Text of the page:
Former Australia cricket captain Steve Waugh and paceman Jason Gillespie have both expressed an interest in succeeding Rodney Marsh as the country's chairman of selectors.
Cricket Australia said last week 68-year-old former Test wicketkeeper Marsh would not be seeking to stay on in the role when his contract expires next year and that Australia would have a new chairman of selectors before the next Ashes series.
Australia will host the next Ashes series in 2017-18.
Former paceman Gillespie is currently coaching Adelaide Strikers in Australia's Twenty20 Big Bash League after spending five years coaching English county side Yorkshire.
"There is a national selector's job up next year and I might put my name up for that," he told News Ltd.
"All I have done the last five years is select teams for Yorkshire. I wouldn't rule anything out. If there are opportunities I will look at it."
Former Test captain Waugh, who announced his retirement in 2004, said he would be willing to discuss the job if an offer came his way.
"I'd listen to it if the opportunity came up, but there are a lot of things you've got to throw into the mix and see whether it's the right time," Waugh told the Sydney Morning Herald.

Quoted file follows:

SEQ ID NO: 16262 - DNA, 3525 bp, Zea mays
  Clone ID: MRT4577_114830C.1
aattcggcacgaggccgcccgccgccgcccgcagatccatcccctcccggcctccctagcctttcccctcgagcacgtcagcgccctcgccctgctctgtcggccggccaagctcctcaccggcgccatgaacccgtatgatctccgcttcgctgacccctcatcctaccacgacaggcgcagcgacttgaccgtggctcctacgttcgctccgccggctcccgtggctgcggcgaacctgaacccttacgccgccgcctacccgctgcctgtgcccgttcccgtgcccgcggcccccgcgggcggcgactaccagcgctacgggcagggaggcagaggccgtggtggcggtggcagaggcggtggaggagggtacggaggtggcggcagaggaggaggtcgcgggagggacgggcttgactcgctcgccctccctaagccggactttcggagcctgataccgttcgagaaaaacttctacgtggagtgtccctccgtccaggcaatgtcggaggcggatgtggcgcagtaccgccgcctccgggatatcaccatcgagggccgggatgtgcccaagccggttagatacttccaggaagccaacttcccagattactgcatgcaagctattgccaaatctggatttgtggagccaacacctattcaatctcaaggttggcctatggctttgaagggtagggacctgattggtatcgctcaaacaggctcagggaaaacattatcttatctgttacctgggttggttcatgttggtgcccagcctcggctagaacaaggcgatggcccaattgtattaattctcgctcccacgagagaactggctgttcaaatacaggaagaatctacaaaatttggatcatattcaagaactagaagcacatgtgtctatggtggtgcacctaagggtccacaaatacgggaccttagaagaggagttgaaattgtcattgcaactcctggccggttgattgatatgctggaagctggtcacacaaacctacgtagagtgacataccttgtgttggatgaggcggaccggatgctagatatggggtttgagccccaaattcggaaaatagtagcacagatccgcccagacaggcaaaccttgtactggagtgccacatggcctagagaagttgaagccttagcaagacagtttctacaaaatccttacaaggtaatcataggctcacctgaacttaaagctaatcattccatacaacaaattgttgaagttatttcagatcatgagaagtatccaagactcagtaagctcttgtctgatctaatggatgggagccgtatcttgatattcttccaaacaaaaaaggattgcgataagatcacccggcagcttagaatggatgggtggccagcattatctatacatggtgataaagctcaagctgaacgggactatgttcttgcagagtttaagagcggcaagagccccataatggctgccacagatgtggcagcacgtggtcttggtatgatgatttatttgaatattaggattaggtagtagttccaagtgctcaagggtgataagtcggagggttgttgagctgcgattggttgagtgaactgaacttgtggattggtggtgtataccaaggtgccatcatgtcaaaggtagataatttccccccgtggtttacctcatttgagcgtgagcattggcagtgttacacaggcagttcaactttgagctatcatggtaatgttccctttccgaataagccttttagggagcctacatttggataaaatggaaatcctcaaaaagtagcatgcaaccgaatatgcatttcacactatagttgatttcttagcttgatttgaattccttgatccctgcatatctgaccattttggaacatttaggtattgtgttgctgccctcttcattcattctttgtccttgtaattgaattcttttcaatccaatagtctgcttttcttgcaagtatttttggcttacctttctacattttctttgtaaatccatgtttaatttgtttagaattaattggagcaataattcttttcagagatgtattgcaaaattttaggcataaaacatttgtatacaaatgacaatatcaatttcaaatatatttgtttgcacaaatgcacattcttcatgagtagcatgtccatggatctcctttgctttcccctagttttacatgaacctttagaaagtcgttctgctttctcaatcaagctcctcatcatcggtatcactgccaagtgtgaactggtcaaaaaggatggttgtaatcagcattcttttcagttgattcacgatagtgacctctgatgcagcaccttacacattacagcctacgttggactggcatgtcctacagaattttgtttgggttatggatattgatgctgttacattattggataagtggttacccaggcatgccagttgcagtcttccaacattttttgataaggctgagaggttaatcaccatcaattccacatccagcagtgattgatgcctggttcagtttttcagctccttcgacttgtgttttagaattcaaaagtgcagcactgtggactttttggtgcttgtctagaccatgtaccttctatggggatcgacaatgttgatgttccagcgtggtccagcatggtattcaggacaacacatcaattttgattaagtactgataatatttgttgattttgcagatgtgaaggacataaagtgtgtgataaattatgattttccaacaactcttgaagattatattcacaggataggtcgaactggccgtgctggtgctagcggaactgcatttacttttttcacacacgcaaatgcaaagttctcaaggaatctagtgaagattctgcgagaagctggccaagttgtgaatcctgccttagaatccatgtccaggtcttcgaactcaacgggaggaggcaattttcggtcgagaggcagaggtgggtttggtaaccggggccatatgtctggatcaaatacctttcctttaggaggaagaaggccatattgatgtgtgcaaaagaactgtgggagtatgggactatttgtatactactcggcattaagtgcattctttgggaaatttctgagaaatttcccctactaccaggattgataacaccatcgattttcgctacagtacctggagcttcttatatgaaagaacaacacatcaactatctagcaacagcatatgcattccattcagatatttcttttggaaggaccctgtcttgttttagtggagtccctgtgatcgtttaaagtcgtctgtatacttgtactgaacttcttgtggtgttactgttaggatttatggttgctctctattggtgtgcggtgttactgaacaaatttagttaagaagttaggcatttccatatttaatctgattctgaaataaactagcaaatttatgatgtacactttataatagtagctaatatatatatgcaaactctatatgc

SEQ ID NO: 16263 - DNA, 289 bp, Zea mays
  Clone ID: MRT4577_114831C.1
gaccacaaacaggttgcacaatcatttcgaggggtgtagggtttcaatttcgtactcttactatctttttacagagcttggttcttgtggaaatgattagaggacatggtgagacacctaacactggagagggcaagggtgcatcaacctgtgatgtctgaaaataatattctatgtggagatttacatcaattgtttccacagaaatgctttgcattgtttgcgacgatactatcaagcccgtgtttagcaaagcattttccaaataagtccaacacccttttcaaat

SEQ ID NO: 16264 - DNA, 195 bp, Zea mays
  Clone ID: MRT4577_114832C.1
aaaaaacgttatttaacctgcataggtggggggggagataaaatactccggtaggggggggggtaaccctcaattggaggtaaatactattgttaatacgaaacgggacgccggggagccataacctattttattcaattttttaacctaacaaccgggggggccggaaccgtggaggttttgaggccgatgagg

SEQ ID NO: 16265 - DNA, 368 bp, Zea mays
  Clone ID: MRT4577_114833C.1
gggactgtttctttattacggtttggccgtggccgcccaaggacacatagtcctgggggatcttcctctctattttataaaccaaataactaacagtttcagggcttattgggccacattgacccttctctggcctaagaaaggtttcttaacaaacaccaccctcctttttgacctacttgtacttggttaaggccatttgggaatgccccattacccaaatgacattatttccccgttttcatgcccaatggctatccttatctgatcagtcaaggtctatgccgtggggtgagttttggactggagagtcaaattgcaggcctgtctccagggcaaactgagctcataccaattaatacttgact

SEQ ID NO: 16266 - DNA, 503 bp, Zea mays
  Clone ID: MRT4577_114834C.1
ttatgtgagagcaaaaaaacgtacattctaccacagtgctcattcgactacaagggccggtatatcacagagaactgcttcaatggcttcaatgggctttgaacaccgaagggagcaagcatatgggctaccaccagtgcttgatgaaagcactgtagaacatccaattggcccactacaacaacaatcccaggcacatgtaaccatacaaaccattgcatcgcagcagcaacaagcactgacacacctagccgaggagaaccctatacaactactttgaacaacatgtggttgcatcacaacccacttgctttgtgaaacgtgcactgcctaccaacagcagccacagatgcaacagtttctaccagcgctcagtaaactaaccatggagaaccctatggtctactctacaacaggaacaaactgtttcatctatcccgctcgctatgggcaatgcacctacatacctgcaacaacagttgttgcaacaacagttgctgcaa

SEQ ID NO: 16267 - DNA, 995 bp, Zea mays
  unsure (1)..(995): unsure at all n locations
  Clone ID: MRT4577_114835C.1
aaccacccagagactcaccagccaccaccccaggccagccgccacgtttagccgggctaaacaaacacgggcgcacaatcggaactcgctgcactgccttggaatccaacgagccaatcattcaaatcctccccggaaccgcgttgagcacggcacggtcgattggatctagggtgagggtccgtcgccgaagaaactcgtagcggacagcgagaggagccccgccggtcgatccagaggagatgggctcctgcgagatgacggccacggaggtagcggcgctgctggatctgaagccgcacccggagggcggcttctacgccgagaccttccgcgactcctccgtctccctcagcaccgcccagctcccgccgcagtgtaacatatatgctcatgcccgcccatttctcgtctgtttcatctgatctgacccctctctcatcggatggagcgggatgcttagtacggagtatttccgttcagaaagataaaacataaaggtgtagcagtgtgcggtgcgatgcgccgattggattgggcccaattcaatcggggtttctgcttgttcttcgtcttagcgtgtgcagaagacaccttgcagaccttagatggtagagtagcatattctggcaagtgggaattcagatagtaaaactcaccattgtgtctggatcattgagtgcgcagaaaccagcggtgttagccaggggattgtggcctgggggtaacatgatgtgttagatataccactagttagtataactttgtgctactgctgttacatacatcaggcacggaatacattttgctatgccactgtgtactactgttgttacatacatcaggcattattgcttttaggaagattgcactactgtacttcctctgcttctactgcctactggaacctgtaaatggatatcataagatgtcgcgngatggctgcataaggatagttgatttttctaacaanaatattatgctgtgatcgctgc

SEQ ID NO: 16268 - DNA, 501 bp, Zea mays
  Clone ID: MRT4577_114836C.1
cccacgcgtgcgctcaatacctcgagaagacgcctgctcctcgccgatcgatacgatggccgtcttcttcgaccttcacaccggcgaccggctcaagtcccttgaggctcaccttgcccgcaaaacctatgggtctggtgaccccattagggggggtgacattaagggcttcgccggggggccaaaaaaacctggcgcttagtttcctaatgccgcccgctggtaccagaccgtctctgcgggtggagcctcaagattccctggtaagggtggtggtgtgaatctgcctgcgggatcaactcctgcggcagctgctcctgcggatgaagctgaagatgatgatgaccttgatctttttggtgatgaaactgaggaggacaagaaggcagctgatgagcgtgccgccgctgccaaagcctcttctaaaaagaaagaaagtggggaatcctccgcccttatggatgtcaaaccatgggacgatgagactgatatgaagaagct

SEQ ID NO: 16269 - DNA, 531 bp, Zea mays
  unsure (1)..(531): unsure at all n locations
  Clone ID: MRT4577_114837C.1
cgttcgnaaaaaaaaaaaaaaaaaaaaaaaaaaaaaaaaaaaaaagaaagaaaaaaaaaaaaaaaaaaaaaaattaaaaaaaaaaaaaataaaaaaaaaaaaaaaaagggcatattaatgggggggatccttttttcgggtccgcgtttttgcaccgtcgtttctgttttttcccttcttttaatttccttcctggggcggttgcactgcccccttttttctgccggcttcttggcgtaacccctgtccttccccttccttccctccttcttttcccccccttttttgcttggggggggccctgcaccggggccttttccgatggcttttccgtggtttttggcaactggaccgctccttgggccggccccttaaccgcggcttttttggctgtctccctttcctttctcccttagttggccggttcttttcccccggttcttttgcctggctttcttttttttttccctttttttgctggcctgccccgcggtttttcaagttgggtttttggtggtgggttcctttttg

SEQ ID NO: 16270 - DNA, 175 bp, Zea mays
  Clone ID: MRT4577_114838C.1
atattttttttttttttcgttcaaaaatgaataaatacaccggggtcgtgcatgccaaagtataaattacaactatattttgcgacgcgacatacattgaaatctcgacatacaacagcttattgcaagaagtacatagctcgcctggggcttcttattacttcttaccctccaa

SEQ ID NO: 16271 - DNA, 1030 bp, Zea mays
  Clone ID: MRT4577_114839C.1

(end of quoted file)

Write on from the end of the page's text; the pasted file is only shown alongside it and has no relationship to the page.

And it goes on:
"I think there are a lot of good cricket brains in Australia. No one has asked me, but I'd listen to it."
Under Marsh's chairmanship of the panel, Australia lost the 2015 Ashes series in England but won the 50-overs World Cup on home soil in the same year and held the number one ranking in Test cricket for six months earlier this year.
Meanwhile, talking of captain Steve Smith and the long summer ahead, Steve Waugh has backed the 27-year-old to successful season in charge.
"I think right now he's the best option, he's proving himself to be successful and now he's got to prove himself how he can come back from a couple of defeats and show his true colours," he said.
The 51-year-old believes that the success of the Australia is that they don't chop and change their captains.
"You've got to stick with it through good and bad times and only change it when you think there's a better option. The captain has always been seen as the boss, and I think the captain is always going to be the boss of a cricket side," he added.
Image: Former Australia captain Steve Waugh
Photograph: Tom Dulat/Getty Images for Laureus